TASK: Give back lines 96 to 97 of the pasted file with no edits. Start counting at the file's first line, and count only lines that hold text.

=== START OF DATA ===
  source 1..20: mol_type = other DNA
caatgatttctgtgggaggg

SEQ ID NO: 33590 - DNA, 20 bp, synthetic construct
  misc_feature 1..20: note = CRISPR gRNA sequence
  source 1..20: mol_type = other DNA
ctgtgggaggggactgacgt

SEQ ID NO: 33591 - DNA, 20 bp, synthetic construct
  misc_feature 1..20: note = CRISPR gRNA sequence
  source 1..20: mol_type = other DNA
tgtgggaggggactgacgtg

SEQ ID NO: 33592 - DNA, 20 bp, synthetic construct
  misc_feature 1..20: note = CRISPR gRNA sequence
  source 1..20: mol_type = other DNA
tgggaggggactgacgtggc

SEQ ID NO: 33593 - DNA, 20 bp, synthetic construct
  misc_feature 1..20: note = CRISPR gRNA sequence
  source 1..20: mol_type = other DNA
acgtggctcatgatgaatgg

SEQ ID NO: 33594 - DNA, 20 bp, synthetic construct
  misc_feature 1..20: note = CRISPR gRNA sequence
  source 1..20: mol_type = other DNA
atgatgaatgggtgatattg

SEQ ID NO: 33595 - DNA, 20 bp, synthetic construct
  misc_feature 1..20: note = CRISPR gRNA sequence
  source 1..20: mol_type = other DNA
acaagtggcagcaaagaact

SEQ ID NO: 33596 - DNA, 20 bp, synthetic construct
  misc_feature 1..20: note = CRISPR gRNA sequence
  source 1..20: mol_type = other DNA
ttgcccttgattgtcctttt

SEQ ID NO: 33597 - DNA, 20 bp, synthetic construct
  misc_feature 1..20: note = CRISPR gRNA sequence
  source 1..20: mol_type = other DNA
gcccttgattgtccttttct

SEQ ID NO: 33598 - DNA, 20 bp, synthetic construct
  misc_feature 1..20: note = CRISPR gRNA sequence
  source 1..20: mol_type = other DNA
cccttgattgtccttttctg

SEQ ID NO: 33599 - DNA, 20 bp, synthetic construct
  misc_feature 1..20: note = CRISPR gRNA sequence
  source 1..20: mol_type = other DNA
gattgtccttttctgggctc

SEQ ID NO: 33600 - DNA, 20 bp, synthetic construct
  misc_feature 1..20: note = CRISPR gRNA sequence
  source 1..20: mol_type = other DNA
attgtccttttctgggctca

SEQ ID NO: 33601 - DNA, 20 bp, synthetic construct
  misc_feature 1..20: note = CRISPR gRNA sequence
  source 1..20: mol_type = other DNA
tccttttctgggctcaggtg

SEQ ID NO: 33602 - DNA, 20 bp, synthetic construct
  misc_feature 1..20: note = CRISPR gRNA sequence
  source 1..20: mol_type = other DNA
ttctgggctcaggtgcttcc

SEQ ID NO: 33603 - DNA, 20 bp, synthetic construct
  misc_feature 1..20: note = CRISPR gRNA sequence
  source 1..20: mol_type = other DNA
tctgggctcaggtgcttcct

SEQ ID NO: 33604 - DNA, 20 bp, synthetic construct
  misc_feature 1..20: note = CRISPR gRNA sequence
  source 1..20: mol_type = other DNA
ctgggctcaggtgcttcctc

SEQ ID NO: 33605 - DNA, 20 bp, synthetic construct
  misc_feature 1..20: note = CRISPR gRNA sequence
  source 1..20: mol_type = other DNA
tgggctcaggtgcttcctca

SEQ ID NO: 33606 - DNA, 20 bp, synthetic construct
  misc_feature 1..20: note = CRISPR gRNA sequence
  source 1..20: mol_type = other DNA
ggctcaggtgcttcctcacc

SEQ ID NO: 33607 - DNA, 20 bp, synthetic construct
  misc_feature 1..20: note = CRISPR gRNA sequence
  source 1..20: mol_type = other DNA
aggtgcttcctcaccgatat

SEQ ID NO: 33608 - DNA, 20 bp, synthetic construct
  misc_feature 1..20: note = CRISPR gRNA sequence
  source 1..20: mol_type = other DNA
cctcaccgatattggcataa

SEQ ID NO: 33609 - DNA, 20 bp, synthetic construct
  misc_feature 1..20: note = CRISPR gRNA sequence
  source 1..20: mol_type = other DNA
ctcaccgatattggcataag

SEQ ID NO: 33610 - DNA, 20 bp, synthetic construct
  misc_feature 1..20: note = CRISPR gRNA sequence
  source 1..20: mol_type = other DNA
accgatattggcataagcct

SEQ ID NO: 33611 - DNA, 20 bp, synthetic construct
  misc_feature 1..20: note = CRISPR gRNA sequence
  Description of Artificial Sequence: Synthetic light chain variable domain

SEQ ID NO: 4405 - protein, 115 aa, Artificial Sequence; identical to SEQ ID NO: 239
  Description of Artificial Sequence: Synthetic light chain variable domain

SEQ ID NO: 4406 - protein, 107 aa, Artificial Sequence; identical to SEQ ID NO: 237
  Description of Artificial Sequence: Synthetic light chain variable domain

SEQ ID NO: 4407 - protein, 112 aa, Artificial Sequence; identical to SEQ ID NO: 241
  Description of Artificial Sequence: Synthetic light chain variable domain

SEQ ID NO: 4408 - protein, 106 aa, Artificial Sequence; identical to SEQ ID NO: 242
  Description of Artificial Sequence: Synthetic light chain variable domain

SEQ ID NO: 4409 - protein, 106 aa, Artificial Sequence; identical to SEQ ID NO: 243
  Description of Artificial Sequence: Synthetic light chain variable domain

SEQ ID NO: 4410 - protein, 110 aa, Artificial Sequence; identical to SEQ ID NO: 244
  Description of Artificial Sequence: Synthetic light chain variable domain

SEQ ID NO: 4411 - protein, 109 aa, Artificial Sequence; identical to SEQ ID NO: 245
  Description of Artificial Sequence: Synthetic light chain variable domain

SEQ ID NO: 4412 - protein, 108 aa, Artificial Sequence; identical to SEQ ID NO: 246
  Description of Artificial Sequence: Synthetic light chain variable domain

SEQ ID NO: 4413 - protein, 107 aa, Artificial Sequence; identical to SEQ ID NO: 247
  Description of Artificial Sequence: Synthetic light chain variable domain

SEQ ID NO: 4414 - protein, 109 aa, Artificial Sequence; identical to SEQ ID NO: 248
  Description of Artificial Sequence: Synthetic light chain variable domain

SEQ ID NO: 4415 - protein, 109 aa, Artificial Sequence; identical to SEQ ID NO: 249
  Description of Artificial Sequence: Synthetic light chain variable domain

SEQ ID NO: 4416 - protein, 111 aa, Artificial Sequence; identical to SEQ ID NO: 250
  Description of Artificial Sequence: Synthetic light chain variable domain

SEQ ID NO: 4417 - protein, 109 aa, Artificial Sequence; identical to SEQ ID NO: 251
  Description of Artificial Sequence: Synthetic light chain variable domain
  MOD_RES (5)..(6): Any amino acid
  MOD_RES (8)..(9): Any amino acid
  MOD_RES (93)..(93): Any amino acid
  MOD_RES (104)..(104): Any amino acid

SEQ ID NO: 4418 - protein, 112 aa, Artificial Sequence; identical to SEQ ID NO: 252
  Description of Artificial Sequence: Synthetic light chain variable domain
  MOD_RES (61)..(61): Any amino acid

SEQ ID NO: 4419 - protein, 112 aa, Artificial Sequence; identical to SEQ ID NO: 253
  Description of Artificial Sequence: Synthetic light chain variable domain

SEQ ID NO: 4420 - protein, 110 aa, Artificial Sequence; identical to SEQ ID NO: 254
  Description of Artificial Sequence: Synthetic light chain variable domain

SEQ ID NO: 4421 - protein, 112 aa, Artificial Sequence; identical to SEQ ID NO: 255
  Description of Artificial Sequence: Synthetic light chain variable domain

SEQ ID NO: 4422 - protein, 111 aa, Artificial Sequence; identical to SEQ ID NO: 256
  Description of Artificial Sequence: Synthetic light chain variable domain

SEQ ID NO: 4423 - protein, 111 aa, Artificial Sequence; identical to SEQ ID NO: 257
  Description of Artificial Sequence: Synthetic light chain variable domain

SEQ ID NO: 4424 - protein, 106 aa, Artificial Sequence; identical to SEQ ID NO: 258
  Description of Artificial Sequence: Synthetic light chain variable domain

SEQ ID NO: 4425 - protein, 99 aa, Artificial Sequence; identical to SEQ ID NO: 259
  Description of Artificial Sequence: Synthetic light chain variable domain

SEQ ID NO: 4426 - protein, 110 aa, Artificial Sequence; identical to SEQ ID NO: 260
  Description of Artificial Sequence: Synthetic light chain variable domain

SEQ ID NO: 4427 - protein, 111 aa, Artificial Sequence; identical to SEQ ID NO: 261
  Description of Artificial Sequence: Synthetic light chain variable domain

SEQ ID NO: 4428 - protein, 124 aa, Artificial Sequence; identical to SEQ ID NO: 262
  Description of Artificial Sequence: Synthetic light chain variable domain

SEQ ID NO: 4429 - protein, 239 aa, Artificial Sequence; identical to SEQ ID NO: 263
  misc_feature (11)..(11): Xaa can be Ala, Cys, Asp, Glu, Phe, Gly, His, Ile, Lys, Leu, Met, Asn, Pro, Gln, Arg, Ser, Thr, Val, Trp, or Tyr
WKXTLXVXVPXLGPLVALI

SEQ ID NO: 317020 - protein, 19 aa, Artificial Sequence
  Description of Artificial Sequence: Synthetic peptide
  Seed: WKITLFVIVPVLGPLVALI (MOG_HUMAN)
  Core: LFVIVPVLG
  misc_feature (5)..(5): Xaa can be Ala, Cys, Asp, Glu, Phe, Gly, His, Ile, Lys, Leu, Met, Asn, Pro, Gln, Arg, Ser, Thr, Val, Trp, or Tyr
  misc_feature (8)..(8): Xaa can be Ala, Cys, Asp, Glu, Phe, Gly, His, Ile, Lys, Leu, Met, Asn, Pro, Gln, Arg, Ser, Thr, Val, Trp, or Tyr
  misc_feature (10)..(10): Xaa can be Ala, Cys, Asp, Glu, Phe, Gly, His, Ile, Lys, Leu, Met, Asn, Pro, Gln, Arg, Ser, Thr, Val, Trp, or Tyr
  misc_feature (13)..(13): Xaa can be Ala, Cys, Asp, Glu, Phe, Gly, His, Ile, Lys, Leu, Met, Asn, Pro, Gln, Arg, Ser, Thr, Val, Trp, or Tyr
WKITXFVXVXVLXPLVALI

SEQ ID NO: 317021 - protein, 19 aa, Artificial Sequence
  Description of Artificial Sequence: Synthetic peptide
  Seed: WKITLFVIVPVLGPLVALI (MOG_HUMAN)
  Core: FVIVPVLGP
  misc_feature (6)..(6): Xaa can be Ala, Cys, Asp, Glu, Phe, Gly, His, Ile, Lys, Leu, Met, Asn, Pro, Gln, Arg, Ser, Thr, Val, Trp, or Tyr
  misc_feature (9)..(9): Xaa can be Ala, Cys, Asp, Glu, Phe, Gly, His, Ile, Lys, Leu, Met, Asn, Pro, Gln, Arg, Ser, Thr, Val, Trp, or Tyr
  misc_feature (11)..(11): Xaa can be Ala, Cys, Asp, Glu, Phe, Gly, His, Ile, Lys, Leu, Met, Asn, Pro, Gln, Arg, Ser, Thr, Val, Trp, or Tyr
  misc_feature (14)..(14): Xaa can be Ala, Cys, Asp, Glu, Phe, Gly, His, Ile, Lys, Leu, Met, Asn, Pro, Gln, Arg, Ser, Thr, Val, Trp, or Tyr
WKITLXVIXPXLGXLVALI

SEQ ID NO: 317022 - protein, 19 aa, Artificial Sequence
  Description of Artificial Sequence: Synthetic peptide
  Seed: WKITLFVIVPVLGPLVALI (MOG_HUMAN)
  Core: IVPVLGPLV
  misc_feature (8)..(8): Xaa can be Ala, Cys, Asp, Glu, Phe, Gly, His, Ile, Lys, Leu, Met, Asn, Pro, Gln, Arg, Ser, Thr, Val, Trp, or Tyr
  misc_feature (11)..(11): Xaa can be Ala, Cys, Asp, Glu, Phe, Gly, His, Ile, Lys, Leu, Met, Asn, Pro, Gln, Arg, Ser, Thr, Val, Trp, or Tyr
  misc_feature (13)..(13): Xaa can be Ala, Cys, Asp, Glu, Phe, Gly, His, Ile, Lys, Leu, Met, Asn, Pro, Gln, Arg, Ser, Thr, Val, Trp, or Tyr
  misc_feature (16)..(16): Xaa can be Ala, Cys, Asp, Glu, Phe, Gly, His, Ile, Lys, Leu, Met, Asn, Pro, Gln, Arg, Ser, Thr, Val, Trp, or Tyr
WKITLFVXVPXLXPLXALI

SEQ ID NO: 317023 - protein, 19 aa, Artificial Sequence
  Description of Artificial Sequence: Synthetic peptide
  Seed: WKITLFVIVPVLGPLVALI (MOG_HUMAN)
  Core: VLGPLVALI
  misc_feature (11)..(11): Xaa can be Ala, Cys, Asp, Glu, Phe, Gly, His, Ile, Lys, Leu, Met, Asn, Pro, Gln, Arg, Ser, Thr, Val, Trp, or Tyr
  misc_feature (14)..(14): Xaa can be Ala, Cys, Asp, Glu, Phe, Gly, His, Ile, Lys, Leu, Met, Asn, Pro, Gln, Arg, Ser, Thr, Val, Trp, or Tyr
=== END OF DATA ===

SEQ ID NO: 4408 - protein, 106 aa, Artificial Sequence; identical to SEQ ID NO: 242
  Description of Artificial Sequence: Synthetic light chain variable domain